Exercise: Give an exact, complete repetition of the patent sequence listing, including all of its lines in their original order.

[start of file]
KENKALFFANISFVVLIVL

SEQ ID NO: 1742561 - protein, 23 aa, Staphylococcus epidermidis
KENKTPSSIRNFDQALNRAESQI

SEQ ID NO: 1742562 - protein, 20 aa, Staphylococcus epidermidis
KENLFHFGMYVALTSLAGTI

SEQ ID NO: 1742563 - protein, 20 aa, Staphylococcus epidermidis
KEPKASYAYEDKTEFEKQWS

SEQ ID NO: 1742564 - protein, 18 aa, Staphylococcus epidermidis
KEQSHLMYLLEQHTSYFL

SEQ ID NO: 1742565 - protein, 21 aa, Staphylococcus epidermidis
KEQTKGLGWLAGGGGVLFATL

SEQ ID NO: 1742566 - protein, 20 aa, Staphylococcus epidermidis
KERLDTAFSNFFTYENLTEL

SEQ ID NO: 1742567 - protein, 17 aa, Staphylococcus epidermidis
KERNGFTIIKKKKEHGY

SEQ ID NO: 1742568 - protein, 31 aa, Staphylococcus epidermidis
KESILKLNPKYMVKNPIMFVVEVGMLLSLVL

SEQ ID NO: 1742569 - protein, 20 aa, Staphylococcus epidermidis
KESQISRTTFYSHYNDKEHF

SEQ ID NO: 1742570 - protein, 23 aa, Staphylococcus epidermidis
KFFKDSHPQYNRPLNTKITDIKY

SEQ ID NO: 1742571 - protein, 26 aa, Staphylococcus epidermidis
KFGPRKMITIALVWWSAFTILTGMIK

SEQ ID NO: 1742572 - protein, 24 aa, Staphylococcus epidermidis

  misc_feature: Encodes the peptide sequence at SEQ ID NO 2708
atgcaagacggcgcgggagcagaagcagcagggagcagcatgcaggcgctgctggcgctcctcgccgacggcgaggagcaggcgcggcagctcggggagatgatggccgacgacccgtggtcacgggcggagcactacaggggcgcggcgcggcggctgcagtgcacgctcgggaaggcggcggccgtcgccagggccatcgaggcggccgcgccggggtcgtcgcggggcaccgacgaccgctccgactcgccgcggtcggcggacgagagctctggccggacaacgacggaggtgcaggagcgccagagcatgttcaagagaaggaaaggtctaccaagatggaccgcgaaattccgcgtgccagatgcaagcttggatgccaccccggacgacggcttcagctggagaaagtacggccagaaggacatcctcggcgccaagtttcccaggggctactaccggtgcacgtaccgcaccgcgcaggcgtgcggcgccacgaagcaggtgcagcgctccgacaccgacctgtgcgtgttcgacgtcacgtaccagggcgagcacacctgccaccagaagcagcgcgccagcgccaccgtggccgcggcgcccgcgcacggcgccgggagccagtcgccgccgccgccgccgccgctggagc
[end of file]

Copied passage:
KENKALFFANISFVVLIVL

SEQ ID NO: 1742561 - protein, 23 aa, Staphylococcus epidermidis
KENKTPSSIRNFDQALNRAESQI

SEQ ID NO: 1742562 - protein, 20 aa, Staphylococcus epidermidis
KENLFHFGMYVALTSLAGTI

SEQ ID NO: 1742563 - protein, 20 aa, Staphylococcus epidermidis
KEPKASYAYEDKTEFEKQWS

SEQ ID NO: 1742564 - protein, 18 aa, Staphylococcus epidermidis
KEQSHLMYLLEQHTSYFL

SEQ ID NO: 1742565 - protein, 21 aa, Staphylococcus epidermidis
KEQTKGLGWLAGGGGVLFATL

SEQ ID NO: 1742566 - protein, 20 aa, Staphylococcus epidermidis
KERLDTAFSNFFTYENLTEL

SEQ ID NO: 1742567 - protein, 17 aa, Staphylococcus epidermidis
KERNGFTIIKKKKEHGY

SEQ ID NO: 1742568 - protein, 31 aa, Staphylococcus epidermidis
KESILKLNPKYMVKNPIMFVVEVGMLLSLVL

SEQ ID NO: 1742569 - protein, 20 aa, Staphylococcus epidermidis
KESQISRTTFYSHYNDKEHF

SEQ ID NO: 1742570 - protein, 23 aa, Staphylococcus epidermidis
KFFKDSHPQYNRPLNTKITDIKY

SEQ ID NO: 1742571 - protein, 26 aa, Staphylococcus epidermidis
KFGPRKMITIALVWWSAFTILTGMIK

SEQ ID NO: 1742572 - protein, 24 aa, Staphylococcus epidermidis

  misc_feature: Encodes the peptide sequence at SEQ ID NO 2708
atgcaagacggcgcgggagcagaagcagcagggagcagcatgcaggcgctgctggcgctcctcgccgacggcgaggagcaggcgcggcagctcggggagatgatggccgacgacccgtggtcacgggcggagcactacaggggcgcggcgcggcggctgcagtgcacgctcgggaaggcggcggccgtcgccagggccatcgaggcggccgcgccggggtcgtcgcggggcaccgacgaccgctccgactcgccgcggtcggcggacgagagctctggccggacaacgacggaggtgcaggagcgccagagcatgttcaagagaaggaaaggtctaccaagatggaccgcgaaattccgcgtgccagatgcaagcttggatgccaccccggacgacggcttcagctggagaaagtacggccagaaggacatcctcggcgccaagtttcccaggggctactaccggtgcacgtaccgcaccgcgcaggcgtgcggcgccacgaagcaggtgcagcgctccgacaccgacctgtgcgtgttcgacgtcacgtaccagggcgagcacacctgccaccagaagcagcgcgccagcgccaccgtggccgcggcgcccgcgcacggcgccgggagccagtcgccgccgccgccgccgccgctggagc